We still do not know what executive action President Obama plans to take on immigration. And that's because he hasn't announced it yet. He and his team are still presumably fielding interest group input and working it out. But never mind this piddle-paddle about "details" and "policy" -- the politics of how everyone's going to react are already firmly established. In fact the reactions are already so clear that they're beginning before the plan is actually released. Hell, why even bother doing anything when everyone's already having this much fun? To effect change and help people, you say? OK, sure.
The Washington Post's Karen Tumulty and Robert Costa this morning look at the political responses that all interested parties and factions have canned or have already set in motion. You're a wise political observer, loyal Salon reader, and you can surely guess them all without too much strenuous mental exercise. But, for what it's worth, here's the gist:
• Senate Democrats in tight races will distance themselves. The [thing that Obama presumably does about immigration] is not -- repeat, not -- being perceived by embattled Senate Democrats and Democratic Senate candidates in tight races as helpful. As Costa and Tumulty write, "Some strategists say privately that it would signal that he has written off the Democrats’ prospects for retaining control of the [Senate], deciding to focus on securing his legacy instead." Mark Begich, Kay Hagan, Alison Lundergan Grimes and Jeanne Shaheen have issued various statements organized around the same idea: Republicans are to blame for blocking comprehensive immigration reform, but they don't believe Obama should be taking any action unilaterally. (On the other hand, as the piece notes, the executive action could be a boon to Sen. Mark Udall's reelection campaign in Colorado -- the state's significant Hispanic population was able to push Sen. Michael Bennet over the top in 2010.)
• The Republican leadership will complain about Obama's imperial tyranny and yadda yadda yadda -- to a point. "Top GOP aides on Capitol Hill," Tumulty and Costa write, "... said Republicans’ immediate response would be to play up Obama’s past statements about the limits of his authority to make unilateral changes to immigration policy. They would argue that the president is abusing the power of his office, and then focus on endangered Senate Democrats." All according to the "Truce": Obama gets to do his executive actions while Hill Republicans get to score points yelling at him about it. But the trap for Republicans, of course, is that they'll face pressure to back their rhetoric with actual maneuvers, which is where things get hairy.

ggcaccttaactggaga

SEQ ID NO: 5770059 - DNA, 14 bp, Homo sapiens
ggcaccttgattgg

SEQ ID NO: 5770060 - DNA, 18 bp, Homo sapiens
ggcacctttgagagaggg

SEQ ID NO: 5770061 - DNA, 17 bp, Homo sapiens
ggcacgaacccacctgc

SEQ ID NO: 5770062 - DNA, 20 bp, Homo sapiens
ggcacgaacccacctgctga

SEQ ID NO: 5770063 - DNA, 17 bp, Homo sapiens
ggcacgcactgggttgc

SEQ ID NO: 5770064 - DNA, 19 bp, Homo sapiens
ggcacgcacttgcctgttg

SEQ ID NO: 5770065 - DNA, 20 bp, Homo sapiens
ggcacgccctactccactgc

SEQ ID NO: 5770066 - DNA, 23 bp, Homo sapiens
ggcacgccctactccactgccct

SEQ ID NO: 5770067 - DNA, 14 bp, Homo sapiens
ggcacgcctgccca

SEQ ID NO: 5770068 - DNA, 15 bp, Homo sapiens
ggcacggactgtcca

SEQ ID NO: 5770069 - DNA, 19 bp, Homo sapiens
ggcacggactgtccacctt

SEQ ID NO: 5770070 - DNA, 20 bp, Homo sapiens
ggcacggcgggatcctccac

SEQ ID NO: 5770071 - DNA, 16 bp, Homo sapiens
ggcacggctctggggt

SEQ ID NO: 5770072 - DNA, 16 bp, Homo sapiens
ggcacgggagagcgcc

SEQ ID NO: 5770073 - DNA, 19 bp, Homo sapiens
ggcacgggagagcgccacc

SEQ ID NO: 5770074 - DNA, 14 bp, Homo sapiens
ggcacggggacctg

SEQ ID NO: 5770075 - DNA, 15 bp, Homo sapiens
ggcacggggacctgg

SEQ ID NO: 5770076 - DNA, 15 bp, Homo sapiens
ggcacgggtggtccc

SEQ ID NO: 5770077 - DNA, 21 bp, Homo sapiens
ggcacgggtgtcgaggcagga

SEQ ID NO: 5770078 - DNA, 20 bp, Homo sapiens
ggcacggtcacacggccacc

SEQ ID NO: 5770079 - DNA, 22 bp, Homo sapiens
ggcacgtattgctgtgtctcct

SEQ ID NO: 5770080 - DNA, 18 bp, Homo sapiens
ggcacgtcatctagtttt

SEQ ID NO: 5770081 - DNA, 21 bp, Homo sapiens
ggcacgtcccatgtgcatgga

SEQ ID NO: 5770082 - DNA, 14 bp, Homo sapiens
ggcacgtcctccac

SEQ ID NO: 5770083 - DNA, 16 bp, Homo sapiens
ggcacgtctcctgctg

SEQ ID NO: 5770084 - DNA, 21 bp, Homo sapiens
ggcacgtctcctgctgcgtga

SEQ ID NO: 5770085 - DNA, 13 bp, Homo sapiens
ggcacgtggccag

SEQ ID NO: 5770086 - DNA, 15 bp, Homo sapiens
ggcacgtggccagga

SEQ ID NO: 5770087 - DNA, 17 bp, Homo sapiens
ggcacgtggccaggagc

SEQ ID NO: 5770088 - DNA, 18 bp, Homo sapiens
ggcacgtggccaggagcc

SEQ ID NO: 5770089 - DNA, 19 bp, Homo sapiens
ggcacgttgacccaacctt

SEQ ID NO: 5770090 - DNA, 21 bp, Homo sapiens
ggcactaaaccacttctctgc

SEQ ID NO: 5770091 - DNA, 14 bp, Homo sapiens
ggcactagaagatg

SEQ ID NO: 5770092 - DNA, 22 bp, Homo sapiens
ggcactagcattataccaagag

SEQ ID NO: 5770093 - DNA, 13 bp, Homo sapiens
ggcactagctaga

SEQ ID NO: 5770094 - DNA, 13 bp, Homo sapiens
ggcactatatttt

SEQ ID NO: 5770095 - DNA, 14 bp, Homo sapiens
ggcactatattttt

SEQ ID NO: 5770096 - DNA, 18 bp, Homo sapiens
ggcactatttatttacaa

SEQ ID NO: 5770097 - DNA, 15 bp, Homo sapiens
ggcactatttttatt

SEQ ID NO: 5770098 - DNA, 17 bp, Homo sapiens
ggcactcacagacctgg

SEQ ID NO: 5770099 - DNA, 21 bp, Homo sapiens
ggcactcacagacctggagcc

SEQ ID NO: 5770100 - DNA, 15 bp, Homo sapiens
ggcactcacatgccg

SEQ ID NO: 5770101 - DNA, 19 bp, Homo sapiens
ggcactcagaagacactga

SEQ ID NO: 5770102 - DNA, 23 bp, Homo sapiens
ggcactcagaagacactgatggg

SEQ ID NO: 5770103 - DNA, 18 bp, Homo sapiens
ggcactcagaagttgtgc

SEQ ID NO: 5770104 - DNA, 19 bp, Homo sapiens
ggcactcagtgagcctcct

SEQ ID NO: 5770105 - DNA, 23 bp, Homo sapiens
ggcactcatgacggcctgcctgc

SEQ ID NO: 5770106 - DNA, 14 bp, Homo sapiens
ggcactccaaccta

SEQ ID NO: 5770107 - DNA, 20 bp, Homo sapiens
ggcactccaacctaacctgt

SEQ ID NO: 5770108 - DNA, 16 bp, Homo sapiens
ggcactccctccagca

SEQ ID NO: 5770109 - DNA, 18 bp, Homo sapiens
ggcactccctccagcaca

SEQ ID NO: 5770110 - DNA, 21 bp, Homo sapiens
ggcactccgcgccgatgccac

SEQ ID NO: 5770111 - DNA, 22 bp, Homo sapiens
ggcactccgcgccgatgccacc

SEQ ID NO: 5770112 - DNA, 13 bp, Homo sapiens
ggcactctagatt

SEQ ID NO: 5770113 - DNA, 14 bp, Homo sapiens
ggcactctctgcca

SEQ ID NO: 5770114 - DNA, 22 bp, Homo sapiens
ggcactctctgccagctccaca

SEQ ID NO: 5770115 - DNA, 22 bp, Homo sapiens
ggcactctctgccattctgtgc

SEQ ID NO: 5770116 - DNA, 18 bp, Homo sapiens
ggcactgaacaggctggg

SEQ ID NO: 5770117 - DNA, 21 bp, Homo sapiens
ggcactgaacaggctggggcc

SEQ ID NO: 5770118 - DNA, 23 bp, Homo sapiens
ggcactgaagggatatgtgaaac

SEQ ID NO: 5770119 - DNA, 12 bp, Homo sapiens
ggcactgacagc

• Steve King and other far-right anti-immigration types in the House will bring things dangerously close to a government shutdown. "King said in an interview that if Obama does move forward with an executive action, many House Republicans will be unwilling to extend funding for the government that is set to expire at the end of September." King said [whatever Obama does] will put the country into a "constitutional crisis," and didn't want to threaten impeachment but wouldn't rule it out, either. It would not behoove the Republican Party to shut down the government right before midterm elections. But you try getting that point across to the likes of Steve King.
• Democrats will try to make Steve King the face of the GOP before November. Because Steve King's visage is a very unflattering image for a political party to have, and King is an egomaniac who's willing to play the part.
So, to recap: Obama will do [something related to immigration], the GOP will respond by reiterating their midterm message about the lawless Obama presidency while trying to keep a lid on Steve King types who want to consider doing something about it; the Democratic Party will reiterate their midterm message about how the GOP is the nativist, crazy impeachment/government shutdown party.
Doesn't that sound more or less like how the next couple of months would play out, even if Obama wasn't considering some sort of executive action on immigration? The only variable left, then, is how far Obama plans to go in his announcement. And it's not much of a variable at all -- the same reactions will come from all quarters, no matter how limited or extensive it is.
If you're President Obama, then, why not go as big as possible? The reactions will be just the same whether he saves five or 5 million people from imminent deportation. If our politics are going to be this mind-numbingly predictable, take advantage of it.